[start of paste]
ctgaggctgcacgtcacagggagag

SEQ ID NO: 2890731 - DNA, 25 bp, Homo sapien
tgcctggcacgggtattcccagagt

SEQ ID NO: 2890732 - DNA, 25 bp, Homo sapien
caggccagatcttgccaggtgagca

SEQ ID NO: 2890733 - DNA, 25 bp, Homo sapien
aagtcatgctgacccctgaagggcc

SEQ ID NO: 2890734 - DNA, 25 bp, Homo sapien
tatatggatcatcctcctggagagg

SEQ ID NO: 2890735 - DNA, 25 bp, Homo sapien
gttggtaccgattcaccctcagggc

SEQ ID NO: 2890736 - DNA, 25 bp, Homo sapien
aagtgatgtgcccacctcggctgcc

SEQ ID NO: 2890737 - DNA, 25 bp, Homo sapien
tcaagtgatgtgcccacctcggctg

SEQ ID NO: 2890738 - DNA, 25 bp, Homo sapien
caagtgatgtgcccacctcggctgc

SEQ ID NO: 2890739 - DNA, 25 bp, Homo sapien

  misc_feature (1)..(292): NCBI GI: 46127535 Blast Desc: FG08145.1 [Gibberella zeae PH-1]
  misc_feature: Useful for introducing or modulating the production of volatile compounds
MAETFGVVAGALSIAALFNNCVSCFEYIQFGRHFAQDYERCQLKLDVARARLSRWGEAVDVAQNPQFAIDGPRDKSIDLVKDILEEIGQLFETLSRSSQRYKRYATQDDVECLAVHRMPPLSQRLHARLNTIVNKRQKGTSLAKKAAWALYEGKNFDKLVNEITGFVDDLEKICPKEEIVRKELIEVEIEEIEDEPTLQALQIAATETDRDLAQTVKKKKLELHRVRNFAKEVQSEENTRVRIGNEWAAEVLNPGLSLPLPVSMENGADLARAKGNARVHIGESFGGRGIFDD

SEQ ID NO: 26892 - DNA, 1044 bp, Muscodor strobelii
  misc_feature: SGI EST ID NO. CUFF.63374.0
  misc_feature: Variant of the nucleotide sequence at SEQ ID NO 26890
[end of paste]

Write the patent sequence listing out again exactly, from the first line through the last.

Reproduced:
ctgaggctgcacgtcacagggagag

SEQ ID NO: 2890731 - DNA, 25 bp, Homo sapien
tgcctggcacgggtattcccagagt

SEQ ID NO: 2890732 - DNA, 25 bp, Homo sapien
caggccagatcttgccaggtgagca

SEQ ID NO: 2890733 - DNA, 25 bp, Homo sapien
aagtcatgctgacccctgaagggcc

SEQ ID NO: 2890734 - DNA, 25 bp, Homo sapien
tatatggatcatcctcctggagagg

SEQ ID NO: 2890735 - DNA, 25 bp, Homo sapien
gttggtaccgattcaccctcagggc

SEQ ID NO: 2890736 - DNA, 25 bp, Homo sapien
aagtgatgtgcccacctcggctgcc

SEQ ID NO: 2890737 - DNA, 25 bp, Homo sapien
tcaagtgatgtgcccacctcggctg

SEQ ID NO: 2890738 - DNA, 25 bp, Homo sapien
caagtgatgtgcccacctcggctgc

SEQ ID NO: 2890739 - DNA, 25 bp, Homo sapien

  misc_feature (1)..(292): NCBI GI: 46127535 Blast Desc: FG08145.1 [Gibberella zeae PH-1]
  misc_feature: Useful for introducing or modulating the production of volatile compounds
MAETFGVVAGALSIAALFNNCVSCFEYIQFGRHFAQDYERCQLKLDVARARLSRWGEAVDVAQNPQFAIDGPRDKSIDLVKDILEEIGQLFETLSRSSQRYKRYATQDDVECLAVHRMPPLSQRLHARLNTIVNKRQKGTSLAKKAAWALYEGKNFDKLVNEITGFVDDLEKICPKEEIVRKELIEVEIEEIEDEPTLQALQIAATETDRDLAQTVKKKKLELHRVRNFAKEVQSEENTRVRIGNEWAAEVLNPGLSLPLPVSMENGADLARAKGNARVHIGESFGGRGIFDD

SEQ ID NO: 26892 - DNA, 1044 bp, Muscodor strobelii
  misc_feature: SGI EST ID NO. CUFF.63374.0
  misc_feature: Variant of the nucleotide sequence at SEQ ID NO 26890